Passive Flux Meter™

The EnviroFlux Passive Flux Meter™ (PFM) is a nylon mesh tube filled with a sorbent/tracer mixture. The PFMs are inserted into groundwater monitoring wells where they passively intercept groundwater flow. Inside the PFM is a permeable sorbent that retains dissolved contaminants present in the groundwater. The PFM can be used for a broad range of contaminants (hydrophobic organic compounds, organic or inorganic ions, etc.) by selecting appropriate sorbents. The sorbent mixture is preloaded with specified amounts of resident tracers. The tracers are leached from the sorbent as groundwater flows through the PFM. For common organic contaminants such as chlorinated solvents (TCE, PCE, etc.), activated carbon is used as the sorbent and a suite of different alcohols are used for the tracers.

After a specified period of exposure to groundwater flow (usually one to four weeks), the PFM is removed from the well or boring. The sorbent is then extracted to quantify the mass of all contaminants intercepted by the PFM and the residual masses of all resident tracers. The contaminant masses are used to calculate time-averaged contaminant fluxes, while residual resident tracer masses are used to calculate cumulative groundwater flux. Depth variations of both water and contaminant mass fluxes are measured by a single PFM by vertically segmenting the exposed sorbent mixture and analyzing for resident tracers and contaminants. Thus, at any specific well depth, an extraction from the locally exposed sorbent yields the mass of resident tracer remaining and the mass of contaminant intercepted. In other words the PFM device provides a vertical profile of horizontal fluxes.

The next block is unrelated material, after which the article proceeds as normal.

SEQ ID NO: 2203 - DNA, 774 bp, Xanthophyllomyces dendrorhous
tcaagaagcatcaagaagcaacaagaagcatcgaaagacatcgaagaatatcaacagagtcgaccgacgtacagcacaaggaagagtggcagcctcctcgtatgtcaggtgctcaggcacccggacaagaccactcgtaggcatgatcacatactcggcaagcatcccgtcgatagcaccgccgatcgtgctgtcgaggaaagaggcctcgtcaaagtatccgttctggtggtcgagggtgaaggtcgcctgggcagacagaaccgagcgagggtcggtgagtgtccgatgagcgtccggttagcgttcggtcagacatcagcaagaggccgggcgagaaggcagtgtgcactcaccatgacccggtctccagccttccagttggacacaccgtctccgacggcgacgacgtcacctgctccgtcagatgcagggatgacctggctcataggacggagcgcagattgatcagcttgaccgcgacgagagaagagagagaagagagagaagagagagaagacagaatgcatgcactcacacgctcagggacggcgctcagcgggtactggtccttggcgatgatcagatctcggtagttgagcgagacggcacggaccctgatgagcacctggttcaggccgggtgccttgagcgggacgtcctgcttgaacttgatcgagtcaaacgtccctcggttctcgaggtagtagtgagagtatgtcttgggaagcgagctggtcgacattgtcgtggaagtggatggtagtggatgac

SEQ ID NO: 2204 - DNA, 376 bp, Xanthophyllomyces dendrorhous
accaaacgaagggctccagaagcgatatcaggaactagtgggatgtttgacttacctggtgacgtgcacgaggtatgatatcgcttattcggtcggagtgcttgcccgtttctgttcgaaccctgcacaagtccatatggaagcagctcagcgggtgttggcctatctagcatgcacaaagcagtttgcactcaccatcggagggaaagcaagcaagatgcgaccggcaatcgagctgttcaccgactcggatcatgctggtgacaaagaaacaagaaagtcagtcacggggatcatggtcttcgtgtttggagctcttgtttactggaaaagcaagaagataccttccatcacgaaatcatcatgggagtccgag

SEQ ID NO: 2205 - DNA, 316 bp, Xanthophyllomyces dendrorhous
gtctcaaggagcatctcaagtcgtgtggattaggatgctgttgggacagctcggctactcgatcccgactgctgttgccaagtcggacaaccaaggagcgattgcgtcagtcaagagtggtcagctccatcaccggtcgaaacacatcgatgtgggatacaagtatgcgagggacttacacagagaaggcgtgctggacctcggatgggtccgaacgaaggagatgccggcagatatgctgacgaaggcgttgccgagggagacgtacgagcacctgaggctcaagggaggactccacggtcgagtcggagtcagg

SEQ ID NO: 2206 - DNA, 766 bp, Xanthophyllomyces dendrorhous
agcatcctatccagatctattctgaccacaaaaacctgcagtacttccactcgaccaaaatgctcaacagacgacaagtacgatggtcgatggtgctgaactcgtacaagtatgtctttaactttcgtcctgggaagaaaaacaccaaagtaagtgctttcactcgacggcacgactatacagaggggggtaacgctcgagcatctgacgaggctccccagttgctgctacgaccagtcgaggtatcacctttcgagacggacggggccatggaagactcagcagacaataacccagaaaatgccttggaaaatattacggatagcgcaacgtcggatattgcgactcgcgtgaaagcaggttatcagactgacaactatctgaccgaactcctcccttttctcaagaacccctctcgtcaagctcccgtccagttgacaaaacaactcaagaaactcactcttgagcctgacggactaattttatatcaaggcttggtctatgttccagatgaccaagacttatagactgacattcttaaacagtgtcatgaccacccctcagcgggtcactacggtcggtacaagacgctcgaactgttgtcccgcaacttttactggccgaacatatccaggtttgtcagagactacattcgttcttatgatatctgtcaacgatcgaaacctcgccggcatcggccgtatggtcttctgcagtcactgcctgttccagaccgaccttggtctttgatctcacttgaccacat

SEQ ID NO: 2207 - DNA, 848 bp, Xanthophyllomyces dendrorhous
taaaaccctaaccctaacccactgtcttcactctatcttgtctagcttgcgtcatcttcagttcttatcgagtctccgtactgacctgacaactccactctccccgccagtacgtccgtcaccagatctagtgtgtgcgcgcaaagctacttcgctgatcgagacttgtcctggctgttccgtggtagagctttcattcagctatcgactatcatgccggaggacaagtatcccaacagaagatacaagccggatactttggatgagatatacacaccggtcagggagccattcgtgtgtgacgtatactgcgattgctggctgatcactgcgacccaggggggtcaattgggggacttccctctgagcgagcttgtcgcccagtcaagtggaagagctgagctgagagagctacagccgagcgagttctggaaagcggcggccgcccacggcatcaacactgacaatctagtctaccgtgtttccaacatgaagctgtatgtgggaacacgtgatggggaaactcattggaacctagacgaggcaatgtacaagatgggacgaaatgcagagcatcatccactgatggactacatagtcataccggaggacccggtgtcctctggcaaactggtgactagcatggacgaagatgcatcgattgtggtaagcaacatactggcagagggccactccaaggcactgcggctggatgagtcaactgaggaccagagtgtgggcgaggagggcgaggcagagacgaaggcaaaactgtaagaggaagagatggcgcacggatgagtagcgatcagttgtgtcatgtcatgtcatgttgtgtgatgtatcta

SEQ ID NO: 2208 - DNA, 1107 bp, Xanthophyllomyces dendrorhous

• Green Technology — No electrical power or pumping required.
• Simultaneous evaluation of both water and contaminant fluxes
under natural gradient conditions.
• Cumulative measurement of the contaminant flux, making the results
increasingly less sensitive to daily fluctuations in groundwater flow or
contaminant concentrations.
• Only two site visits required.
• Measurement of vertical variations in horizontal fluxes.
• Precise prior knowledge about local aquifer hydraulic conductivities not required.
• Wide range of contaminant analysis.
• USEPA – Approved technology.